Operations – Seasoning Pizza Pans

by Tom Lehmann, Dough Doctor

Seasoning a pan allows you to cook a great-tasting pizza without having to coat the bottom with excess oil, butter or fat.  Seasoning a pan not only gives your pans/screens a non-stick resistant surface, but allows for easy cleanup and will keep it from rusting quickly – ensuring that your pan has a longer life.

First, make sure the pan you are trying to season has a bright, shiny appearance.  If it has any other appearance, it might be coated with some type of non-stick material, thus reducing the adhesion properties of the seasoning.  To properly season a pan, first wash it thoroughly, then dry it and pass it through the oven to heat the pan and make sure it is thoroughly dry.

Now you can coat the pan with salad oil and pass it through the oven at about 425 F for 20 minutes.  The pan should have a slight golden tint to it at this point.  Do not wash a seasoned pan ever!  To use the newly seasoned pan, oil it again before placing the dough in the pan and bake as you normally would.  Do this for the next several bakes and you should see the color of the seasoning getting darker.  When the color reaches a muddy brown, the seasoning process is complete.  To clean your seasoned pans, just pass them through the oven to heat them and then wipe them out with a clean towel and out them away for the next use.  If your health department wants you to wash the pans, you will need to change over to a dark color anodized finish pan.

Some oils are much better than others at resisting polymerization – or, to put it another way, gunking things up.  We’ve all seen an old bottle of oil that has developed a sticky film on the outside of the bottle.  This is polymerization, where the oil actually begins to oxidize and form something akin to varnish.  The best oils to use for seasoning a pan, screen or disk are corn oil, soybean oil or possibly canola oil.  The worst choice would be to use one developed specifically as a pan release oil such as Pam or Whirl.  This is because these formulated products are designed specifically to resist or show resistance to polymerization.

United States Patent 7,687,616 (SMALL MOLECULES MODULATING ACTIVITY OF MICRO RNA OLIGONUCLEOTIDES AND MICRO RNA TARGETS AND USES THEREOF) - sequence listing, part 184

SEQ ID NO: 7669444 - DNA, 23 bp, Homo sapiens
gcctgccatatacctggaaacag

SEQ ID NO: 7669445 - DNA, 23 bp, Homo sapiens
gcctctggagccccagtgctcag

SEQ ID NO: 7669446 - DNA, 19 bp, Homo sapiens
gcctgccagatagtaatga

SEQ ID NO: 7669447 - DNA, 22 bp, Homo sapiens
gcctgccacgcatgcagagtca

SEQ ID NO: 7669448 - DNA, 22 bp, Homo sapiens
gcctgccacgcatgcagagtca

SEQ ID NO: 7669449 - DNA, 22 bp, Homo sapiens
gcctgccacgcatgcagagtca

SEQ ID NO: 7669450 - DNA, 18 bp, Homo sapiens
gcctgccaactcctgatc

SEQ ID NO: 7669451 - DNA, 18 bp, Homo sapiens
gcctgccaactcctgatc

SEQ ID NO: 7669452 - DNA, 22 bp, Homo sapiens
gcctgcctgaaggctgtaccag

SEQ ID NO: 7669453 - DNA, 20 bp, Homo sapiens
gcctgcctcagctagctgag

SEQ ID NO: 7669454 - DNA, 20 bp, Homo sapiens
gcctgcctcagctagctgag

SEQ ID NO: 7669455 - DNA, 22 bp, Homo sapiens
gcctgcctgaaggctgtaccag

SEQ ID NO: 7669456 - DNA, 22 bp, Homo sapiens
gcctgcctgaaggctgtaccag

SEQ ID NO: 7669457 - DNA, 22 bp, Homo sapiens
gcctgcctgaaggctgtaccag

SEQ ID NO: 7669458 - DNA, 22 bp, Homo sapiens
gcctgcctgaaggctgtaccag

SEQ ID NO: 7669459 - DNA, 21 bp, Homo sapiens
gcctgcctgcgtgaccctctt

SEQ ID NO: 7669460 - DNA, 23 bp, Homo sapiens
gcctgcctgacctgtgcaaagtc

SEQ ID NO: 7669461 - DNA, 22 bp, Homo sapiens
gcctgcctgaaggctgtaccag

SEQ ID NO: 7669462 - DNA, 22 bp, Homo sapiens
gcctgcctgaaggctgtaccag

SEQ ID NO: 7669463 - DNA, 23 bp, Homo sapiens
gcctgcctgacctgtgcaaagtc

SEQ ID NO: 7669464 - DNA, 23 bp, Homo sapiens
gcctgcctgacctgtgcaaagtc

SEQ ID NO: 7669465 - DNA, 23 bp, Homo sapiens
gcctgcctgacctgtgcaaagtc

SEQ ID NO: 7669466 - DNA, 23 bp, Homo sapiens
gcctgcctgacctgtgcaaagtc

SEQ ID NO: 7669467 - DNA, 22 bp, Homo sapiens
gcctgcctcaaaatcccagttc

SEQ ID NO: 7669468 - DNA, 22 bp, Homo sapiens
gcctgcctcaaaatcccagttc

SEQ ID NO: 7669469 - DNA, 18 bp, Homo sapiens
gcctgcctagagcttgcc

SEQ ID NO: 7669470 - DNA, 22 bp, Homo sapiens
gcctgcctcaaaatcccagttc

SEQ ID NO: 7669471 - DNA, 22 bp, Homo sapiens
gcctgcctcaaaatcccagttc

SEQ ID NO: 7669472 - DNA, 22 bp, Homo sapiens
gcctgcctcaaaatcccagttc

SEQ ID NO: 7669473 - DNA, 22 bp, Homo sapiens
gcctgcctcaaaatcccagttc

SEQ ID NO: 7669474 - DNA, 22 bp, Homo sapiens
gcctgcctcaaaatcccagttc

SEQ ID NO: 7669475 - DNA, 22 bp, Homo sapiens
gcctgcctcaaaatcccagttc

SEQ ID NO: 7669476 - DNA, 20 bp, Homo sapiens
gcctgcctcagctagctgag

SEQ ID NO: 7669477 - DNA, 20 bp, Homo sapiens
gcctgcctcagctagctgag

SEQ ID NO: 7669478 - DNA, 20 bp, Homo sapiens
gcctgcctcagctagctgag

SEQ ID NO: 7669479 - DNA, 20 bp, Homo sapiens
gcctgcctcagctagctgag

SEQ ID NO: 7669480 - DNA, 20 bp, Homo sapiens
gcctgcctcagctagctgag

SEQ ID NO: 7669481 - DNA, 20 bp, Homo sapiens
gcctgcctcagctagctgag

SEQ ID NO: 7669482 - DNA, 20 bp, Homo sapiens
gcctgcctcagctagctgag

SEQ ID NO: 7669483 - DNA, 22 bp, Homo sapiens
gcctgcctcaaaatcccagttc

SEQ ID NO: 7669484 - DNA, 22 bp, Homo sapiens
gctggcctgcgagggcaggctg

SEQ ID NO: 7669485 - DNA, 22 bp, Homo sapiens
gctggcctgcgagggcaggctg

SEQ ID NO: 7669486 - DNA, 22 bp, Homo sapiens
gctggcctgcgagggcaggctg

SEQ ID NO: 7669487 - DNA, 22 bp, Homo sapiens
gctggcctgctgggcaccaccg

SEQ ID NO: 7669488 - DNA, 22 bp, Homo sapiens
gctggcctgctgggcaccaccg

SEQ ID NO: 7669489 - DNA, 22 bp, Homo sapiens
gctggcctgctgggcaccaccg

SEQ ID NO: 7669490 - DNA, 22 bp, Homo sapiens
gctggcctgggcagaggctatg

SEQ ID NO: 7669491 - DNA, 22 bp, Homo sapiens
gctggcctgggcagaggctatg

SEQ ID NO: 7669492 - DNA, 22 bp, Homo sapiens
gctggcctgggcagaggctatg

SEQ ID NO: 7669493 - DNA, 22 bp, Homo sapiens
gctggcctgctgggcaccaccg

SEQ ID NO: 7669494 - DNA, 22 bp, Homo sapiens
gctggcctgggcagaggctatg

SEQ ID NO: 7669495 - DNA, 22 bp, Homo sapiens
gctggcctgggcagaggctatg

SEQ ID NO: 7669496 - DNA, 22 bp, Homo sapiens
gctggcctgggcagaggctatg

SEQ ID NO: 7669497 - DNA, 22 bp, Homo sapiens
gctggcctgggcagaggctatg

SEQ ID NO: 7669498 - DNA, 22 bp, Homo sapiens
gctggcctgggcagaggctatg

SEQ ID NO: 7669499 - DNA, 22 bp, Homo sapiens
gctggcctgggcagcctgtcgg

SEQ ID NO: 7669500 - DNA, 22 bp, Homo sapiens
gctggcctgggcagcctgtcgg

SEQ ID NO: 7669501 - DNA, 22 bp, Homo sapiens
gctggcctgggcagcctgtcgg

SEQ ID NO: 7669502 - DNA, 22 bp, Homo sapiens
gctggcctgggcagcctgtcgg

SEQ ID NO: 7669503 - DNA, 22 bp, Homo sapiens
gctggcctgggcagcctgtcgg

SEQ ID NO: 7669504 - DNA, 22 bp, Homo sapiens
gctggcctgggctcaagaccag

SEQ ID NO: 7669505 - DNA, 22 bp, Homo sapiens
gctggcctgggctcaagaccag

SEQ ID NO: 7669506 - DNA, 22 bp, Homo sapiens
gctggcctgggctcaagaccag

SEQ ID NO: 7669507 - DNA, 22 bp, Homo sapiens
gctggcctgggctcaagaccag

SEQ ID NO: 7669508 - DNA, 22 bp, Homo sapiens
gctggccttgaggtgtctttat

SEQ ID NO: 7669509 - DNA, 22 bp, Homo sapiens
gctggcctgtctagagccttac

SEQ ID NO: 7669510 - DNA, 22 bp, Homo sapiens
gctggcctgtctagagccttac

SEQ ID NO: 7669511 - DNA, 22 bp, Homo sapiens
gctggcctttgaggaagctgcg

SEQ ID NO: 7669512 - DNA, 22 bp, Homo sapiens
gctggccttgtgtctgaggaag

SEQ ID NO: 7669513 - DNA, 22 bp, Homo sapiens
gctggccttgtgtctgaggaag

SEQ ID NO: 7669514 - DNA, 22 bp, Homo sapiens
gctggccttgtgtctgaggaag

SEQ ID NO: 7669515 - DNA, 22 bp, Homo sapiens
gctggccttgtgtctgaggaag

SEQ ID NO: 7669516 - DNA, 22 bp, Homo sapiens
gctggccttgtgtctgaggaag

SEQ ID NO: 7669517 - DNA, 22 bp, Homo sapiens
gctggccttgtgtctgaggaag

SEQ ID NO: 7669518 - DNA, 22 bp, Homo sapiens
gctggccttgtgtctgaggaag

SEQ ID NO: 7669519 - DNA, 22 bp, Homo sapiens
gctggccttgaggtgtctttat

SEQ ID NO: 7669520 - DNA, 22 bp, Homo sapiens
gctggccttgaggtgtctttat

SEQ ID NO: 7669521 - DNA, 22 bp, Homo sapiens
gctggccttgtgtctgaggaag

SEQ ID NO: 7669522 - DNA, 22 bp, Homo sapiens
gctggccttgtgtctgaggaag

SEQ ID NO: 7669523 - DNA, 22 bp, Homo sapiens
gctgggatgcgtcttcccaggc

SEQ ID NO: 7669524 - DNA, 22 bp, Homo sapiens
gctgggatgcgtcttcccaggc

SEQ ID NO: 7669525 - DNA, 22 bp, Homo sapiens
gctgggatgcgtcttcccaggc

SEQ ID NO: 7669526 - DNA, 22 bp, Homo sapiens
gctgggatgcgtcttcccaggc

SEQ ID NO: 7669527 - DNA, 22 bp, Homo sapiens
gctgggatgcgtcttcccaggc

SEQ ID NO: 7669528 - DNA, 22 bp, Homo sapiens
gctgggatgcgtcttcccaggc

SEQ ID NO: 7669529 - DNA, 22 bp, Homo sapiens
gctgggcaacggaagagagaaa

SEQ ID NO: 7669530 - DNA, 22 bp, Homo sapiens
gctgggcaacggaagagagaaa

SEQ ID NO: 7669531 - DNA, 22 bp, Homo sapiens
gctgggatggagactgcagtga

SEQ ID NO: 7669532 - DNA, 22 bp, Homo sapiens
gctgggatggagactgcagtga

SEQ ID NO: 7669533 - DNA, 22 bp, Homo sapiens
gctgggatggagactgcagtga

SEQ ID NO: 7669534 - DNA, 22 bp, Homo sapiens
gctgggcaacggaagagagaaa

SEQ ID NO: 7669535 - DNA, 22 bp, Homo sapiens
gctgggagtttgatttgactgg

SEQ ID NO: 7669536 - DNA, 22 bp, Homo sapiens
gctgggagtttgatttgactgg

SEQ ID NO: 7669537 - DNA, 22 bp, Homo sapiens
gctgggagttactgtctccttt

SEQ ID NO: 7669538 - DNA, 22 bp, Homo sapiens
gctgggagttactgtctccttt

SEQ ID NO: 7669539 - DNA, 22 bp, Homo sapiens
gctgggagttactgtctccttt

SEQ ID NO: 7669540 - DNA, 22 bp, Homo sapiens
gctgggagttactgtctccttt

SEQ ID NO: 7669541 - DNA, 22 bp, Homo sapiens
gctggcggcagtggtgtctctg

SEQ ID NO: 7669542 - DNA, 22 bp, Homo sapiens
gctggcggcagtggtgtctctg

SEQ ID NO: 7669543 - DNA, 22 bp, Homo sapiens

Even with proper seasoning, pans and screens should be replaced when they begin to show signs or cracking (especially in the screen area), become bent, crimped beyond straightening; or the screen becomes clogged with baked on debris that is not easily removed.  Although proper seasoning can extend the life of your equipment, these items do break.

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